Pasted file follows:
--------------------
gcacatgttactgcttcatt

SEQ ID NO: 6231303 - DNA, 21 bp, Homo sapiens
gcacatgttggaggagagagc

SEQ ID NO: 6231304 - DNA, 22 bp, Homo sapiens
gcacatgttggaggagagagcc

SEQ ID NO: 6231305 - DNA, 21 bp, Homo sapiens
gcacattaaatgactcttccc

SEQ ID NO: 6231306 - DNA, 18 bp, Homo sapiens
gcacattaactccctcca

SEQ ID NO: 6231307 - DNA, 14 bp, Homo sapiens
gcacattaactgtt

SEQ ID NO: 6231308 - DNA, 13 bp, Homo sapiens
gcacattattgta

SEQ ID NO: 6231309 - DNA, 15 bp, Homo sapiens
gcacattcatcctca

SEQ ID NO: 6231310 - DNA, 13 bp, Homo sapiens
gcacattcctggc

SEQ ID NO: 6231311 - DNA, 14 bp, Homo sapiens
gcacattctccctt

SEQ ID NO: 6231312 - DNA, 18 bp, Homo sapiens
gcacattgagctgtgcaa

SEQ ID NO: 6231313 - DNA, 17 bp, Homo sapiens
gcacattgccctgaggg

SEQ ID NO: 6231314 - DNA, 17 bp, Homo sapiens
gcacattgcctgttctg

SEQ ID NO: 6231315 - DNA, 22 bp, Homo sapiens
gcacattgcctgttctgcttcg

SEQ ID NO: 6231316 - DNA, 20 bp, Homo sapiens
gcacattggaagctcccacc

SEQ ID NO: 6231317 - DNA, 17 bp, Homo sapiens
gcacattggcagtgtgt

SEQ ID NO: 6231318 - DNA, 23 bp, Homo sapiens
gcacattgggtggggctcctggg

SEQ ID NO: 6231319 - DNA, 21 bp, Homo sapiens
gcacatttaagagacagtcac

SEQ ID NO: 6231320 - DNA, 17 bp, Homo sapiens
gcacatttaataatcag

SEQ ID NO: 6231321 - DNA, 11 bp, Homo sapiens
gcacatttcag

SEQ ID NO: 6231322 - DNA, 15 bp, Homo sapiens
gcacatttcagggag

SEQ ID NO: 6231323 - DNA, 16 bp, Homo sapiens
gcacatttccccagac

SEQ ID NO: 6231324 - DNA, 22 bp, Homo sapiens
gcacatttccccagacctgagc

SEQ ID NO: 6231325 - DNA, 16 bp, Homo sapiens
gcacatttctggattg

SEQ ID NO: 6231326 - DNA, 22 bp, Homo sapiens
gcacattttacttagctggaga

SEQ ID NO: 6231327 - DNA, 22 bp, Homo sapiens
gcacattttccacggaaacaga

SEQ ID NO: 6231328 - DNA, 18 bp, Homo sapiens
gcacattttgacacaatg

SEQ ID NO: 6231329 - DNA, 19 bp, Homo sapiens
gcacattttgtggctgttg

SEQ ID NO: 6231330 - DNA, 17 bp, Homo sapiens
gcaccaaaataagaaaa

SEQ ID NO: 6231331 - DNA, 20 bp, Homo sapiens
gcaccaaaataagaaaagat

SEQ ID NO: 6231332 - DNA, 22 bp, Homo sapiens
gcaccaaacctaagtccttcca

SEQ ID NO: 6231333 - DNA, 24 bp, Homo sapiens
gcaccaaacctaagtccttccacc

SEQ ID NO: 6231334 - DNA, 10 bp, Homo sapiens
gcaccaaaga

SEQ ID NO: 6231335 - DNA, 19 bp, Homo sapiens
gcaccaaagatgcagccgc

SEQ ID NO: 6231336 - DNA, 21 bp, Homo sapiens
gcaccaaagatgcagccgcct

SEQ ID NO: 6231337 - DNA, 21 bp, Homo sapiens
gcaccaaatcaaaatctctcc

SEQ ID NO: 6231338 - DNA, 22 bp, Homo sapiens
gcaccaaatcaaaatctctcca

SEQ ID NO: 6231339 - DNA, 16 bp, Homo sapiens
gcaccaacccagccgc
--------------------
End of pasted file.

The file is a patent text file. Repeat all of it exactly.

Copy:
gcacatgttactgcttcatt

SEQ ID NO: 6231303 - DNA, 21 bp, Homo sapiens
gcacatgttggaggagagagc

SEQ ID NO: 6231304 - DNA, 22 bp, Homo sapiens
gcacatgttggaggagagagcc

SEQ ID NO: 6231305 - DNA, 21 bp, Homo sapiens
gcacattaaatgactcttccc

SEQ ID NO: 6231306 - DNA, 18 bp, Homo sapiens
gcacattaactccctcca

SEQ ID NO: 6231307 - DNA, 14 bp, Homo sapiens
gcacattaactgtt

SEQ ID NO: 6231308 - DNA, 13 bp, Homo sapiens
gcacattattgta

SEQ ID NO: 6231309 - DNA, 15 bp, Homo sapiens
gcacattcatcctca

SEQ ID NO: 6231310 - DNA, 13 bp, Homo sapiens
gcacattcctggc

SEQ ID NO: 6231311 - DNA, 14 bp, Homo sapiens
gcacattctccctt

SEQ ID NO: 6231312 - DNA, 18 bp, Homo sapiens
gcacattgagctgtgcaa

SEQ ID NO: 6231313 - DNA, 17 bp, Homo sapiens
gcacattgccctgaggg

SEQ ID NO: 6231314 - DNA, 17 bp, Homo sapiens
gcacattgcctgttctg

SEQ ID NO: 6231315 - DNA, 22 bp, Homo sapiens
gcacattgcctgttctgcttcg

SEQ ID NO: 6231316 - DNA, 20 bp, Homo sapiens
gcacattggaagctcccacc

SEQ ID NO: 6231317 - DNA, 17 bp, Homo sapiens
gcacattggcagtgtgt

SEQ ID NO: 6231318 - DNA, 23 bp, Homo sapiens
gcacattgggtggggctcctggg

SEQ ID NO: 6231319 - DNA, 21 bp, Homo sapiens
gcacatttaagagacagtcac

SEQ ID NO: 6231320 - DNA, 17 bp, Homo sapiens
gcacatttaataatcag

SEQ ID NO: 6231321 - DNA, 11 bp, Homo sapiens
gcacatttcag

SEQ ID NO: 6231322 - DNA, 15 bp, Homo sapiens
gcacatttcagggag

SEQ ID NO: 6231323 - DNA, 16 bp, Homo sapiens
gcacatttccccagac

SEQ ID NO: 6231324 - DNA, 22 bp, Homo sapiens
gcacatttccccagacctgagc

SEQ ID NO: 6231325 - DNA, 16 bp, Homo sapiens
gcacatttctggattg

SEQ ID NO: 6231326 - DNA, 22 bp, Homo sapiens
gcacattttacttagctggaga

SEQ ID NO: 6231327 - DNA, 22 bp, Homo sapiens
gcacattttccacggaaacaga

SEQ ID NO: 6231328 - DNA, 18 bp, Homo sapiens
gcacattttgacacaatg

SEQ ID NO: 6231329 - DNA, 19 bp, Homo sapiens
gcacattttgtggctgttg

SEQ ID NO: 6231330 - DNA, 17 bp, Homo sapiens
gcaccaaaataagaaaa

SEQ ID NO: 6231331 - DNA, 20 bp, Homo sapiens
gcaccaaaataagaaaagat

SEQ ID NO: 6231332 - DNA, 22 bp, Homo sapiens
gcaccaaacctaagtccttcca

SEQ ID NO: 6231333 - DNA, 24 bp, Homo sapiens
gcaccaaacctaagtccttccacc

SEQ ID NO: 6231334 - DNA, 10 bp, Homo sapiens
gcaccaaaga

SEQ ID NO: 6231335 - DNA, 19 bp, Homo sapiens
gcaccaaagatgcagccgc

SEQ ID NO: 6231336 - DNA, 21 bp, Homo sapiens
gcaccaaagatgcagccgcct

SEQ ID NO: 6231337 - DNA, 21 bp, Homo sapiens
gcaccaaatcaaaatctctcc

SEQ ID NO: 6231338 - DNA, 22 bp, Homo sapiens
gcaccaaatcaaaatctctcca

SEQ ID NO: 6231339 - DNA, 16 bp, Homo sapiens
gcaccaacccagccgc